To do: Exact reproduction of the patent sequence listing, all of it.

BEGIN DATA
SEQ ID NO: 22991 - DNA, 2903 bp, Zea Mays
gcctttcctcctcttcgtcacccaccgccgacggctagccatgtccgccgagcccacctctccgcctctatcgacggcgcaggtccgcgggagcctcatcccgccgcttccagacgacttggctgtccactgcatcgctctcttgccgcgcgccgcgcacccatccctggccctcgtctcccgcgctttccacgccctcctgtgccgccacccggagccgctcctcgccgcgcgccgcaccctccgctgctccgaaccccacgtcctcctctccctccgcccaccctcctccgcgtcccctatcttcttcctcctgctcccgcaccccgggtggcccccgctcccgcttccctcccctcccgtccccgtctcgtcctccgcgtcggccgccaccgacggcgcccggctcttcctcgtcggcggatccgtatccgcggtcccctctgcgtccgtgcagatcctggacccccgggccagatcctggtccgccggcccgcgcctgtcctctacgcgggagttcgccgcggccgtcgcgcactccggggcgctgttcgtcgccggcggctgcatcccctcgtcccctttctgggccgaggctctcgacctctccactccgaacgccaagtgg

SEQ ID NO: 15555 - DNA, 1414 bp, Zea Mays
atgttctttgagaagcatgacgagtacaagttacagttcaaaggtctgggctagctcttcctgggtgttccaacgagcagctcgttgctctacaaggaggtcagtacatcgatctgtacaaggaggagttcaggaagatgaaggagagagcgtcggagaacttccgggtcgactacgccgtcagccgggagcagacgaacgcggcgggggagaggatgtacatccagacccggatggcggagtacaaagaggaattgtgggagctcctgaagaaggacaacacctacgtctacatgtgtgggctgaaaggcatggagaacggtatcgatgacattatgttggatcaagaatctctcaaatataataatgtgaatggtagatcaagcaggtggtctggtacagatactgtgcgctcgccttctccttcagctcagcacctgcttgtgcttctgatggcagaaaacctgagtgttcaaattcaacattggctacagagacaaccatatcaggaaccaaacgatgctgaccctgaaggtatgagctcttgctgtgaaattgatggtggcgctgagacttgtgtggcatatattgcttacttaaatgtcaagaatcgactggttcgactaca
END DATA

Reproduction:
SEQ ID NO: 22991 - DNA, 2903 bp, Zea Mays
gcctttcctcctcttcgtcacccaccgccgacggctagccatgtccgccgagcccacctctccgcctctatcgacggcgcaggtccgcgggagcctcatcccgccgcttccagacgacttggctgtccactgcatcgctctcttgccgcgcgccgcgcacccatccctggccctcgtctcccgcgctttccacgccctcctgtgccgccacccggagccgctcctcgccgcgcgccgcaccctccgctgctccgaaccccacgtcctcctctccctccgcccaccctcctccgcgtcccctatcttcttcctcctgctcccgcaccccgggtggcccccgctcccgcttccctcccctcccgtccccgtctcgtcctccgcgtcggccgccaccgacggcgcccggctcttcctcgtcggcggatccgtatccgcggtcccctctgcgtccgtgcagatcctggacccccgggccagatcctggtccgccggcccgcgcctgtcctctacgcgggagttcgccgcggccgtcgcgcactccggggcgctgttcgtcgccggcggctgcatcccctcgtcccctttctgggccgaggctctcgacctctccactccgaacgccaagtgg

SEQ ID NO: 15555 - DNA, 1414 bp, Zea Mays
atgttctttgagaagcatgacgagtacaagttacagttcaaaggtctgggctagctcttcctgggtgttccaacgagcagctcgttgctctacaaggaggtcagtacatcgatctgtacaaggaggagttcaggaagatgaaggagagagcgtcggagaacttccgggtcgactacgccgtcagccgggagcagacgaacgcggcgggggagaggatgtacatccagacccggatggcggagtacaaagaggaattgtgggagctcctgaagaaggacaacacctacgtctacatgtgtgggctgaaaggcatggagaacggtatcgatgacattatgttggatcaagaatctctcaaatataataatgtgaatggtagatcaagcaggtggtctggtacagatactgtgcgctcgccttctccttcagctcagcacctgcttgtgcttctgatggcagaaaacctgagtgttcaaattcaacattggctacagagacaaccatatcaggaaccaaacgatgctgaccctgaaggtatgagctcttgctgtgaaattgatggtggcgctgagacttgtgtggcatatattgcttacttaaatgtcaagaatcgactggttcgactaca